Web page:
Maryland’s New Sick and Safe Leave Law Goes Into Effect February 11
Summary: On February 11, 2018, Maryland will become the ninth state to require employers to provide employees with sick leave. Except in the cases of very small employers, this sick leave must be paid. This will be a big change for many businesses and all Maryland employers are well advised to consider the new law and their existing policies and procedures to ensure that they are in compliance by February 11.
During their 2017 sessions, the Maryland Senate and House of Delegates both passed the Maryland Healthy Working Families Act to establish mandatory sick leave in the state. However, the bill was vetoed by Governor Larry Hogan. As one of their first orders of business in 2018, both chambers successfully voted to override the veto. Accordingly, the new law will now go into effect on February 11, 2018.
The new law applies to all private employers in Maryland as well as local and state government. However, it is important to note that, as discussed further below, for employers in Montgomery County, this new law does not eliminate the continued need to comply with the County’s sick and safe leave law (which is more rigorous than the new state law).
The Act requires that employers with an average of 15 or more employees (including full-time, part-time, temporary or seasonal) in the prior year provide their employees with paid sick and safe leave. On the other hand, employers with an average of 14 or fewer employees (including full-time, part-time, temporary or seasonal) in the prior year need only provide unpaid sick and safe leave. The amount of sick and safe leave that the employer must provide and the other requirements surrounding the leave are the same regardless of the employer’s size, and whether they must provide the leave paid or unpaid.
Accrual of Leave
In general, under the new law, all employees, including full-time, part-time, temporary and seasonal employees are eligible to receive sick and safe leave. There are however, a few exceptions. The most broadly applicable are that employees who work less than 12 hours per week, employees who are under age 18, and employees who are employed by an employment or temp agency to provide temporary or part-time services to another person, are not entitled to sick and safe leave. There are also more niche exceptions for certain employees who work in the construction industry under the terms of a collective bargaining agreement, who take on ad hoc/as-needed shifts for an employer in the health and human services industry, or who are employed in the agricultural sector on certain agricultural operations. Individuals who are properly classified as independent contractors (as opposed to employees) are also not eligible for sick and safe leave.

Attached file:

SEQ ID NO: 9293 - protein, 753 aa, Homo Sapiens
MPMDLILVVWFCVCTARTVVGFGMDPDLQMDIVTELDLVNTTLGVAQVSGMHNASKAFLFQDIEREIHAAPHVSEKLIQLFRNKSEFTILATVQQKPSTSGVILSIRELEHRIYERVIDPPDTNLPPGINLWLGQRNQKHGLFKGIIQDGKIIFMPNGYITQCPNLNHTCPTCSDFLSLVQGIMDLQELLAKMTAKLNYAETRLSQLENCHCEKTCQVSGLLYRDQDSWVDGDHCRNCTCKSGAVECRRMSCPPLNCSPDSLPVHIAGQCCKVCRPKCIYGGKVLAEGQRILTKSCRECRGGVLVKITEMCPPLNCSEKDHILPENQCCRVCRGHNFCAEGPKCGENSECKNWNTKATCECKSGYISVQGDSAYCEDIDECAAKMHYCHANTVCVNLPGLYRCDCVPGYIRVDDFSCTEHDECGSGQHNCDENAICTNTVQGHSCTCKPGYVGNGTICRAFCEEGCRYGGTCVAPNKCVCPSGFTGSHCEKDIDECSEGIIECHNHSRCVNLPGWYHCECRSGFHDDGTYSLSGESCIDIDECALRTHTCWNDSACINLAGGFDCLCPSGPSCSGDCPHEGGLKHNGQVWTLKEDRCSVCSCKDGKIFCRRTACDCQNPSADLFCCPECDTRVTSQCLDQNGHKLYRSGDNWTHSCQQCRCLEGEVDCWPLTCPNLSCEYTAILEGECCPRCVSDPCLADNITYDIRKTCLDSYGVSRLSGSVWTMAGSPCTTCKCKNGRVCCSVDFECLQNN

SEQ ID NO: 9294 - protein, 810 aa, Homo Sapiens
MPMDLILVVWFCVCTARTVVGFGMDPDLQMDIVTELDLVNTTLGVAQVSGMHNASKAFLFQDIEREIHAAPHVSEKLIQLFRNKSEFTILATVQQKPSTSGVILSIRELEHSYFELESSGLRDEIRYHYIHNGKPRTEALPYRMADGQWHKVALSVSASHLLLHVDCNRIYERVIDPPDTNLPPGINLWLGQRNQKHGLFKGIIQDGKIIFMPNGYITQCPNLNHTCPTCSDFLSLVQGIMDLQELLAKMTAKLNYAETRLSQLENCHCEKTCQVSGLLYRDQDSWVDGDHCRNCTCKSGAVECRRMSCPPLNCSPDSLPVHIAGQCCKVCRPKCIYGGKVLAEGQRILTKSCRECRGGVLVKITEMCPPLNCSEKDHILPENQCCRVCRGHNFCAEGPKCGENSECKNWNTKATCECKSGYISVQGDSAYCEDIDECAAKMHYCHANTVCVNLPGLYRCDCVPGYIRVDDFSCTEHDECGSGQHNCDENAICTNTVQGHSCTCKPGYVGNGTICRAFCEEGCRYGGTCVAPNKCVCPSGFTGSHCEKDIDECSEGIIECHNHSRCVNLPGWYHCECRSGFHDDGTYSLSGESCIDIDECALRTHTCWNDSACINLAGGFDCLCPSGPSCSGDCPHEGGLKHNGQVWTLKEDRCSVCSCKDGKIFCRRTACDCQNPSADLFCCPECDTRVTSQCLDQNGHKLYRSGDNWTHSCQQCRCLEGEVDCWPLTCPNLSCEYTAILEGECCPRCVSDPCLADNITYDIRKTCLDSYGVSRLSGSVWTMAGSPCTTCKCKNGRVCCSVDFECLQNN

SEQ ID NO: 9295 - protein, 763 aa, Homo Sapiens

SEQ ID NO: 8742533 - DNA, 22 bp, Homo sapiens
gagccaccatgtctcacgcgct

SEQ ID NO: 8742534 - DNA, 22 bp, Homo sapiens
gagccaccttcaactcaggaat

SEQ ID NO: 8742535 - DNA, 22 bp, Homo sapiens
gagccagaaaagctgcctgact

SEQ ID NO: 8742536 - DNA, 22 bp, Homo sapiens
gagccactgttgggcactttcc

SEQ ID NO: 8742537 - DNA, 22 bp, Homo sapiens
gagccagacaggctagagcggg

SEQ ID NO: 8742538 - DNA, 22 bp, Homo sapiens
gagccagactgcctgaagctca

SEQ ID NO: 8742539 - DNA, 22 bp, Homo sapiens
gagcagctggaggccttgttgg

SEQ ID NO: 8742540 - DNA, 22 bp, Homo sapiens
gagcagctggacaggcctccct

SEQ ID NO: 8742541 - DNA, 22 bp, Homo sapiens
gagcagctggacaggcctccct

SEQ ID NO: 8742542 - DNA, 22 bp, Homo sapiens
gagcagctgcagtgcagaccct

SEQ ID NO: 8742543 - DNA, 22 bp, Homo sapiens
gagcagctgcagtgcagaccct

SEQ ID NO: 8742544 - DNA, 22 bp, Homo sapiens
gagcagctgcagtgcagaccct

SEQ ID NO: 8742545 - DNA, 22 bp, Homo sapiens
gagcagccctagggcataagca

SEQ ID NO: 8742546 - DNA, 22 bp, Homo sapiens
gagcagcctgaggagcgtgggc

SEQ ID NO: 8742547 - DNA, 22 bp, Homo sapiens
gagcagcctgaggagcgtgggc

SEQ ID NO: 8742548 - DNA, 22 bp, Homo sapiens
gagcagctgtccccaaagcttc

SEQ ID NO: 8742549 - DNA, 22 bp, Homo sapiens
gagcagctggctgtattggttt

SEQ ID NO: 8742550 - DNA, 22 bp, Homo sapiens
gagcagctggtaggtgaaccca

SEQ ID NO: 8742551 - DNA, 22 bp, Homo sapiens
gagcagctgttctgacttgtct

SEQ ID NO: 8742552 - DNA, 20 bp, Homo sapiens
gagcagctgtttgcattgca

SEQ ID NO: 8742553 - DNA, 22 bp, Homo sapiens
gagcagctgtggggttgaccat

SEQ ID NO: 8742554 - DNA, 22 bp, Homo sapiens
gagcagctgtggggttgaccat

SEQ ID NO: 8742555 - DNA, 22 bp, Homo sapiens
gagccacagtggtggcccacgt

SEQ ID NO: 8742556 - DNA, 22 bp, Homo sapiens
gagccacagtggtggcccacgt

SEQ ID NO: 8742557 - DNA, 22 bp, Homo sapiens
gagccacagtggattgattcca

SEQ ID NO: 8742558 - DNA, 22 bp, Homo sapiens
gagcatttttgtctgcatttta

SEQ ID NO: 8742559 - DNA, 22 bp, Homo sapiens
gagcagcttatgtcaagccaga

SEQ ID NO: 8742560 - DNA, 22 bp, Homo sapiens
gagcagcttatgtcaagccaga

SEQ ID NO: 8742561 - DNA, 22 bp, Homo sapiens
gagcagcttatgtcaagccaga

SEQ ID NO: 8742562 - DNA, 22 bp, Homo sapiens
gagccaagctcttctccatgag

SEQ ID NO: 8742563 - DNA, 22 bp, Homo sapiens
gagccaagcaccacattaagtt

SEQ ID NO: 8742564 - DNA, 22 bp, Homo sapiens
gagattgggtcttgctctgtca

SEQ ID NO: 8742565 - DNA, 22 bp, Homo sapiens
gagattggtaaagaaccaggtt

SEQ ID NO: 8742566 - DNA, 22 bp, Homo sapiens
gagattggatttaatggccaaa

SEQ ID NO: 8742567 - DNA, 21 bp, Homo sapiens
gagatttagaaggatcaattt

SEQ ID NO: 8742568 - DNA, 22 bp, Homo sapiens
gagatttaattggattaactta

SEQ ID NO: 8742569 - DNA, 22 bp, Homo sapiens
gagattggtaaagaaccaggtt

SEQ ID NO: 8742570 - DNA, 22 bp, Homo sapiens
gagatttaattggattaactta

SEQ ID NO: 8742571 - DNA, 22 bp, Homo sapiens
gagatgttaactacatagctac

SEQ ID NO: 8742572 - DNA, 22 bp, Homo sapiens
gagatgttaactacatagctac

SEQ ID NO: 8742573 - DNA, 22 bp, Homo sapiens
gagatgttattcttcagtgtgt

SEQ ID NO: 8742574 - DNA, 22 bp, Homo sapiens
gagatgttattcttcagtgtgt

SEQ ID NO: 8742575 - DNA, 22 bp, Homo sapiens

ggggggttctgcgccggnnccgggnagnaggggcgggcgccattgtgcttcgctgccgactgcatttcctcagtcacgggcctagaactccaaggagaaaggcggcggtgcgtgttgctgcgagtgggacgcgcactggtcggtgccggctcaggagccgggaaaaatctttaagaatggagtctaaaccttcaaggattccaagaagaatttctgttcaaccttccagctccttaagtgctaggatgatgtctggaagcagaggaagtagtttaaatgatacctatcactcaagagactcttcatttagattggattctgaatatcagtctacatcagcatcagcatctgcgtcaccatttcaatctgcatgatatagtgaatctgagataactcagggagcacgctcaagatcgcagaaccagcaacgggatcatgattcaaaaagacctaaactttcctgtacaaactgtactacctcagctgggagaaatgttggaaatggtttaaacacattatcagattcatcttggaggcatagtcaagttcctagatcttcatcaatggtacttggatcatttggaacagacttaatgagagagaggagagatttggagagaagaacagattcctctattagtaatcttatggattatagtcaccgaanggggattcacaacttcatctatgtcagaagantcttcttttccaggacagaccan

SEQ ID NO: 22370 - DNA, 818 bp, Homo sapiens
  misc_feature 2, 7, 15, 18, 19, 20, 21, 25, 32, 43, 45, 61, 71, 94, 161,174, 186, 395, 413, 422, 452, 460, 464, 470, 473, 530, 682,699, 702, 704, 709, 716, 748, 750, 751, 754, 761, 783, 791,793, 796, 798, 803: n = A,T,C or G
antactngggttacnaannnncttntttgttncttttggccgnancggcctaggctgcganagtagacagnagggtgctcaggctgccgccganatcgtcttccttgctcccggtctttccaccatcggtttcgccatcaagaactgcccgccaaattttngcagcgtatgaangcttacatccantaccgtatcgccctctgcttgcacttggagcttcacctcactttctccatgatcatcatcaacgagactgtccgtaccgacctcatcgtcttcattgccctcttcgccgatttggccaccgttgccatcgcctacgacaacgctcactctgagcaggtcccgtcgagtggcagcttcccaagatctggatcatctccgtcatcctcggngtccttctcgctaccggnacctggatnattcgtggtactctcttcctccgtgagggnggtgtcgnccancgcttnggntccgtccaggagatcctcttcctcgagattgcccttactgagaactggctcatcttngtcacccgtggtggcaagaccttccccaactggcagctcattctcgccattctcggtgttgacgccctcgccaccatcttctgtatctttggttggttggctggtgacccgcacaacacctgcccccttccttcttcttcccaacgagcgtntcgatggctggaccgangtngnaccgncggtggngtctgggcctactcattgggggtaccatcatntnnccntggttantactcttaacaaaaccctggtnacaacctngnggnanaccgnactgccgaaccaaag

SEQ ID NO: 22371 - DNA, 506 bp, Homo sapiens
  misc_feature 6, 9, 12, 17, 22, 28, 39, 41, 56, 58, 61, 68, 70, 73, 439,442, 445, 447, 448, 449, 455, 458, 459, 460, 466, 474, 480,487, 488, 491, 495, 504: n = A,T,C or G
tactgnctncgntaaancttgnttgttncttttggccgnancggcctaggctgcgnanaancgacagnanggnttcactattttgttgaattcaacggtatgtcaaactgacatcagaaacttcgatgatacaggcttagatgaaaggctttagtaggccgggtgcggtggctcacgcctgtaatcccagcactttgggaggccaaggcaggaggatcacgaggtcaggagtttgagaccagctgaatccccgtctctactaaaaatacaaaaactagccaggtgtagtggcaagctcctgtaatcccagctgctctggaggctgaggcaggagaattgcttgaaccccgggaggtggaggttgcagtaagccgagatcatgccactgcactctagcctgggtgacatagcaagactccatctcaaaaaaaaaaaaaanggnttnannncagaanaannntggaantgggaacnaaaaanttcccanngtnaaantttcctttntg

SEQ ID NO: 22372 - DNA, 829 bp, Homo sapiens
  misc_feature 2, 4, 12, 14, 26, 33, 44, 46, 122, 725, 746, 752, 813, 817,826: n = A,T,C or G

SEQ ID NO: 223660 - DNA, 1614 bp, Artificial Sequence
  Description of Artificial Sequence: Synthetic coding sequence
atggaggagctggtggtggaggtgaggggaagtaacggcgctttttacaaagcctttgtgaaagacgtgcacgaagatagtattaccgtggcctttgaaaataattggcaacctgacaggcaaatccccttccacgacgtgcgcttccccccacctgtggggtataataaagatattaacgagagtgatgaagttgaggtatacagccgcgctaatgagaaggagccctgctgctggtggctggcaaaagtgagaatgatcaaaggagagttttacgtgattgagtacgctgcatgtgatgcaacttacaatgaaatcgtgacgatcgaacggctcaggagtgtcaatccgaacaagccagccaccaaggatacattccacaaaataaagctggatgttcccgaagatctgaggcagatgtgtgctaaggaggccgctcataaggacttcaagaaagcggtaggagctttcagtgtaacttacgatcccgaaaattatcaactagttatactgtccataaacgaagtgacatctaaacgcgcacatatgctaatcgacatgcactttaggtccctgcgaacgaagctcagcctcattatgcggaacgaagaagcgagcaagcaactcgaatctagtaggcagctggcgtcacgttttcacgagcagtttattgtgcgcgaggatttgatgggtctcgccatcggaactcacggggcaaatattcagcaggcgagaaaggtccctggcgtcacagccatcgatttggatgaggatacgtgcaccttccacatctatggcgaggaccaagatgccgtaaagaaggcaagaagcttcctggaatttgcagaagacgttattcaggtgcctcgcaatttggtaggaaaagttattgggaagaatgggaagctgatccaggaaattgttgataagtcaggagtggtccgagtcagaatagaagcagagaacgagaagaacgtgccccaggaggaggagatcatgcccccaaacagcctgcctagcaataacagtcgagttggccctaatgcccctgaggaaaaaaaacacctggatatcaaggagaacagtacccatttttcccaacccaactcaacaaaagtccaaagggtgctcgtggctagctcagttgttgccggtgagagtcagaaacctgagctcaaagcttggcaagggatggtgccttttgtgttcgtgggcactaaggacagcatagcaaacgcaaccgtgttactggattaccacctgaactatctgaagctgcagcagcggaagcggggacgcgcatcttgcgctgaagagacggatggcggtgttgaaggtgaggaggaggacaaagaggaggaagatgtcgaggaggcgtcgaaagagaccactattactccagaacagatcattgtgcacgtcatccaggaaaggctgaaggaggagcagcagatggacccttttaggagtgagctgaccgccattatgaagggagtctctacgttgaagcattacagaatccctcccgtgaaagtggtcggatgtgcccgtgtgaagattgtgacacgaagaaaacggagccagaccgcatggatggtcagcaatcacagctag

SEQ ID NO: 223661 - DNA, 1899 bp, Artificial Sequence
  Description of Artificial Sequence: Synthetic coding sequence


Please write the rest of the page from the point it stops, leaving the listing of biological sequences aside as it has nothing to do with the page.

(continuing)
As to employees who are eligible for sick and safe leave, the basics of leave accrual under the new law are as follows:
|What is the minimum amount of sick and safe leave that an eligible employee must accrue or be provided?||Eligible employees must accrue 1 hour of sick and safe leave for every 30 hours worked, up to 40 hours leave per year, OR be given 40 hours of sick and safe leave up-front at the beginning of the year. For the purposes of calculating accrual, exempt employees may be assumed to work 40 hours per week.|
|Are there any times when an eligible employee is not required to accrue sick and safe leave?||
Eligible employees only need to accrue sick and safe leave on hours they actually work.
Additionally, employees do not need to accrue leave if (1) the employer's pay period is every two weeks and the employee works fewer than 24 hours in the pay period; (2) the employer's pay period is every week and the employee works a total of fewer than 24 hours in the current pay period and the immediately preceding pay period; or (3) the employer's pay period is twice a month and the employee works fewer than 26 hours in the pay period.
|When must an eligible employee start accruing sick and safe leave?||A new eligible employee must begin accruing (or be given up front) sick and safe leave on his or her first day of work. However, an employer can require that an employee work up to 106 days before he or she can use the accrued leave.|
|What is the minimum amount unused leave that an employee must have at any given time (before the employee can be required to draw down his or her balance before accruing more leave)?||64 hours.|
|What requirements apply to the carryover of unused leave from one year to the next?||If the employee has been accruing leave, the employee must be permitted to carryover up to 40 hours of accrued but unused leave from one year to the next. If the employer provided the leave up-front at the beginning of the year, there is no carryover required.|
|Must unused sick and safe leave be paid out upon termination or resignation?||There is no requirement that the employer pay the employee out for unused sick and safe leave when the employment relationship ends.|
|What happens if an employee leaves and then is rehired?||If an employee is rehired within 37 weeks, any accrued and unused sick and safe leave balance that he or she had at the time of separation must be reinstated unless the leave was voluntarily paid out by the employer, in which case, no reinstatement is required.|
Use of Leave
An employee who has accrued paid sick and safe leave must be permitted to use it for any of the following purposes:
- To care for or treat the employee’s own, or a family member’s mental or physical illness, injury or condition;
- To obtain preventative medical care for the employee or a family member;
- For maternity or paternity leave; or